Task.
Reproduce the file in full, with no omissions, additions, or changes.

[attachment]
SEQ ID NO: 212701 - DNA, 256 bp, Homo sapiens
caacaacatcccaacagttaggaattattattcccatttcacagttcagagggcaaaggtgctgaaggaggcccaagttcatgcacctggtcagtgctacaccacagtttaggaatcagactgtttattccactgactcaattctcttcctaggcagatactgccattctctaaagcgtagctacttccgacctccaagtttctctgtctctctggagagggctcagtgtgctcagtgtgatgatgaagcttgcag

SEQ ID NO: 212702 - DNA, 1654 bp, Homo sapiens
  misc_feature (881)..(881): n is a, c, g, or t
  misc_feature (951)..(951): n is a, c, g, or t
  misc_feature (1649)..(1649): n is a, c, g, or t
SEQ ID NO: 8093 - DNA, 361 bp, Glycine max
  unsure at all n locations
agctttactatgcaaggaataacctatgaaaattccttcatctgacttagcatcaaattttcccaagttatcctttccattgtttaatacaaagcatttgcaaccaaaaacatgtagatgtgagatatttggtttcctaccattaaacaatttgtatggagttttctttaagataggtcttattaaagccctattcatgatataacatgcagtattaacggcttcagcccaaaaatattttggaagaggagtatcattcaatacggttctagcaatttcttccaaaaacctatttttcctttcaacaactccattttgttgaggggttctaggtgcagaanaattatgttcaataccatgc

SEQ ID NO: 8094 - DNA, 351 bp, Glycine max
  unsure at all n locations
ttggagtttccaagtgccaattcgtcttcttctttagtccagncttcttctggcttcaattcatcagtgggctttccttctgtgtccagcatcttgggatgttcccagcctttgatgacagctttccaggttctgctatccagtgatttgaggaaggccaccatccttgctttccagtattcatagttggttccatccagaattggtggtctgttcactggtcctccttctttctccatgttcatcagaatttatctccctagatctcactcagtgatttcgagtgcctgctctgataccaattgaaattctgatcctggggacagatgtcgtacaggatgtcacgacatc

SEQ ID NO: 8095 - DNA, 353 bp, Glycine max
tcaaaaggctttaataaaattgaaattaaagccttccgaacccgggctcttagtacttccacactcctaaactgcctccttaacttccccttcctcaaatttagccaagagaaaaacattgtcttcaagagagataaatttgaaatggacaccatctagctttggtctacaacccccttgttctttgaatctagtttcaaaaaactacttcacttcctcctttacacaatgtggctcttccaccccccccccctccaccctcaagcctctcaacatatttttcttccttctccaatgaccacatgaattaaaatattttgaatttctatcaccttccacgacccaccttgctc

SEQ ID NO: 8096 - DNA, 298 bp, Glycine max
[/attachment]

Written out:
SEQ ID NO: 212701 - DNA, 256 bp, Homo sapiens
caacaacatcccaacagttaggaattattattcccatttcacagttcagagggcaaaggtgctgaaggaggcccaagttcatgcacctggtcagtgctacaccacagtttaggaatcagactgtttattccactgactcaattctcttcctaggcagatactgccattctctaaagcgtagctacttccgacctccaagtttctctgtctctctggagagggctcagtgtgctcagtgtgatgatgaagcttgcag

SEQ ID NO: 212702 - DNA, 1654 bp, Homo sapiens
  misc_feature (881)..(881): n is a, c, g, or t
  misc_feature (951)..(951): n is a, c, g, or t
  misc_feature (1649)..(1649): n is a, c, g, or t
SEQ ID NO: 8093 - DNA, 361 bp, Glycine max
  unsure at all n locations
agctttactatgcaaggaataacctatgaaaattccttcatctgacttagcatcaaattttcccaagttatcctttccattgtttaatacaaagcatttgcaaccaaaaacatgtagatgtgagatatttggtttcctaccattaaacaatttgtatggagttttctttaagataggtcttattaaagccctattcatgatataacatgcagtattaacggcttcagcccaaaaatattttggaagaggagtatcattcaatacggttctagcaatttcttccaaaaacctatttttcctttcaacaactccattttgttgaggggttctaggtgcagaanaattatgttcaataccatgc

SEQ ID NO: 8094 - DNA, 351 bp, Glycine max
  unsure at all n locations
ttggagtttccaagtgccaattcgtcttcttctttagtccagncttcttctggcttcaattcatcagtgggctttccttctgtgtccagcatcttgggatgttcccagcctttgatgacagctttccaggttctgctatccagtgatttgaggaaggccaccatccttgctttccagtattcatagttggttccatccagaattggtggtctgttcactggtcctccttctttctccatgttcatcagaatttatctccctagatctcactcagtgatttcgagtgcctgctctgataccaattgaaattctgatcctggggacagatgtcgtacaggatgtcacgacatc

SEQ ID NO: 8095 - DNA, 353 bp, Glycine max
tcaaaaggctttaataaaattgaaattaaagccttccgaacccgggctcttagtacttccacactcctaaactgcctccttaacttccccttcctcaaatttagccaagagaaaaacattgtcttcaagagagataaatttgaaatggacaccatctagctttggtctacaacccccttgttctttgaatctagtttcaaaaaactacttcacttcctcctttacacaatgtggctcttccaccccccccccctccaccctcaagcctctcaacatatttttcttccttctccaatgaccacatgaattaaaatattttgaatttctatcaccttccacgacccaccttgctc

SEQ ID NO: 8096 - DNA, 298 bp, Glycine max